What does Rodney Tom’s decision not to run mean?
Yesterday, state Sen. Rodney Tom, D-Medina, announced he would not seek reelection.
So what’s so bad about a Democrat dropping out of politics?
Though Tom was a Democrat, he was essentially one in name only. Tom, a onetime Republican, joined the Senate Republican caucus – called the Majority Coalition Caucus – allowing the GOP to have some control in Olympia. Democrats were targeting his Medina seat to replace him with a Democrat who would side completely with Democrats.
Officially, Tom is retiring for personal medical reasons, and also because his father is ill, and Tom is the only one in the area who is close enough to provide care.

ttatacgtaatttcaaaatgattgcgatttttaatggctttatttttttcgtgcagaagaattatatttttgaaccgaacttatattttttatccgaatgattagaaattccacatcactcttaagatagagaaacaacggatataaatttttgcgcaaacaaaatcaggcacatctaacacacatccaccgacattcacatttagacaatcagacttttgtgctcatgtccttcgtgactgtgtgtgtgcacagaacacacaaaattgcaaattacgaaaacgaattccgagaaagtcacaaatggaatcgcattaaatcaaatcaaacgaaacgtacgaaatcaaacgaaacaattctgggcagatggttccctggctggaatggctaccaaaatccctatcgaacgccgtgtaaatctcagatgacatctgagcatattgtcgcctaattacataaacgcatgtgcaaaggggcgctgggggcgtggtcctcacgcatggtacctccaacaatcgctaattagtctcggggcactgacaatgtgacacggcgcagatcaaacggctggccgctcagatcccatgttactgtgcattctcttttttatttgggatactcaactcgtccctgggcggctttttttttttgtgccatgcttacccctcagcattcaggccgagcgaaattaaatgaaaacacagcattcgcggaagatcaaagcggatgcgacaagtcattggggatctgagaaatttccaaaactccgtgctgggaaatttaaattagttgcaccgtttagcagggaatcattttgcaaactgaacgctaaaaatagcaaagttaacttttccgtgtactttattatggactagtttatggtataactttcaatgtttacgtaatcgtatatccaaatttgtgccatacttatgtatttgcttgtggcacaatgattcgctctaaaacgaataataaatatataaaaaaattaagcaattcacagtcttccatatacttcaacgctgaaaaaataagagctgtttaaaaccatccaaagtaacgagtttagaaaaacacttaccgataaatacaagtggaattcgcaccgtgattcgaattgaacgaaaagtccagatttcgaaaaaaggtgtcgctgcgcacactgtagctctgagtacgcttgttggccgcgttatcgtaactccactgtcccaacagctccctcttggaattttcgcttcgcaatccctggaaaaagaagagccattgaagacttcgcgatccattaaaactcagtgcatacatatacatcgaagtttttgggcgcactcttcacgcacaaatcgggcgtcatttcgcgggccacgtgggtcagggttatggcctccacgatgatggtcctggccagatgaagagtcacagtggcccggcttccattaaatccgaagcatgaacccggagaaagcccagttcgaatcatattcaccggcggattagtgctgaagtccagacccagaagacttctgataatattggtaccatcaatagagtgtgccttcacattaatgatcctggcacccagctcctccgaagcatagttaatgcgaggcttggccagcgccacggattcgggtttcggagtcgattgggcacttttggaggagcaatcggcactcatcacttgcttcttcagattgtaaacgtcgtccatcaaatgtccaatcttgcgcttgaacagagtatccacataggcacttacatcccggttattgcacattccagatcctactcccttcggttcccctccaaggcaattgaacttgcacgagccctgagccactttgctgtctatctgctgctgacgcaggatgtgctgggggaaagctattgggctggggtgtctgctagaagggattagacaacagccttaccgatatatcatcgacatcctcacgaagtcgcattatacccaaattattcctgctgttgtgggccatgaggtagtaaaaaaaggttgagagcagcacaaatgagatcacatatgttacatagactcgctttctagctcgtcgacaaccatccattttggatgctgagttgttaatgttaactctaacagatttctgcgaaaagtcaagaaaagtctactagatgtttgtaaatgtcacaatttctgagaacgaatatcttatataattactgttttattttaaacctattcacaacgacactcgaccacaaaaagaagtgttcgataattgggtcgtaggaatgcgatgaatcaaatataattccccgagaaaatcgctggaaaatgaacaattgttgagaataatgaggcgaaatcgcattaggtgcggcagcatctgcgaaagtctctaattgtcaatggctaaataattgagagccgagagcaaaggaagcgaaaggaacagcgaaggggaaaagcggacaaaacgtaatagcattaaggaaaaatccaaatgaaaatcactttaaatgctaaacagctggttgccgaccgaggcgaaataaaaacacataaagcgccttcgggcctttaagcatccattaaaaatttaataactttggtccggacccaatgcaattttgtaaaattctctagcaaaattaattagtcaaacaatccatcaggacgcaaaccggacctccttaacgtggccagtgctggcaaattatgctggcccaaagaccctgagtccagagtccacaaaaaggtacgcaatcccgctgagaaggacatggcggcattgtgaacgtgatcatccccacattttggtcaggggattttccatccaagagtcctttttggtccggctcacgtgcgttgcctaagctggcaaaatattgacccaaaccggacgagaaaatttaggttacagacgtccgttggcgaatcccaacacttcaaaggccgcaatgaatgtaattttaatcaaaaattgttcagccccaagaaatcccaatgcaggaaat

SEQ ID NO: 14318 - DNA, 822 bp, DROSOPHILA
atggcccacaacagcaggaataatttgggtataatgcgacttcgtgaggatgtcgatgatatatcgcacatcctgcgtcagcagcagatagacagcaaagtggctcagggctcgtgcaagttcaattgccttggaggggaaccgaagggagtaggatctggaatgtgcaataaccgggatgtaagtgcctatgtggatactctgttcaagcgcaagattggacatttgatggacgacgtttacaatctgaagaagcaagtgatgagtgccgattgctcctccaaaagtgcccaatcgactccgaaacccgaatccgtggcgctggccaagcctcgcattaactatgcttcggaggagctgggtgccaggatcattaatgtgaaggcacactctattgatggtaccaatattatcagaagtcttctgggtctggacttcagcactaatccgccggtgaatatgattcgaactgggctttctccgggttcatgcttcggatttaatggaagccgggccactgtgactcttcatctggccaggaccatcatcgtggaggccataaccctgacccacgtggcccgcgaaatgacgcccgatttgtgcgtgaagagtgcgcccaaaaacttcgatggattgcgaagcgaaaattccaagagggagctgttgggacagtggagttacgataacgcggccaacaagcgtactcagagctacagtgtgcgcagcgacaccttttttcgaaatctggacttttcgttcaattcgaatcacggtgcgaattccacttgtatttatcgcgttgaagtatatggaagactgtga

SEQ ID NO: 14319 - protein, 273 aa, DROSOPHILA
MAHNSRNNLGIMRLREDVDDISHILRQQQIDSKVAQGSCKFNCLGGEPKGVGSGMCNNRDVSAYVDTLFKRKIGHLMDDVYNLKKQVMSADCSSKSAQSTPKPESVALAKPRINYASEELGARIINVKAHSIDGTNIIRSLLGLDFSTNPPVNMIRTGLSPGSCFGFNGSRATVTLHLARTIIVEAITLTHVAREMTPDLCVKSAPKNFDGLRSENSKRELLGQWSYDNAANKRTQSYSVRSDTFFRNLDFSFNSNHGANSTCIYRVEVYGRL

Now, Democrats can use resources they were planning to spend on the Rodney Tom race – they had selected former Kirkland Mayor Joan McBride to run against him – to target other Republicans. KTTH host David Boze said that state Democrats may be coming for state Sens. Steve O’Ban, R-University Place, and Andy Hill, R-Redmond.
Tom had already stored up $109,000 for his race, while McBride only saved up around $60,000. With Tom’s seat up for grabs and Democratic resources free to spread around, Boze advised Washington state conservatives to assist in competitive races.
“If you live in an area where a race isn’t competitive, choose a candidate in a competitive race [to support],” Boze advised conservatives. “At least they have a fighting chance.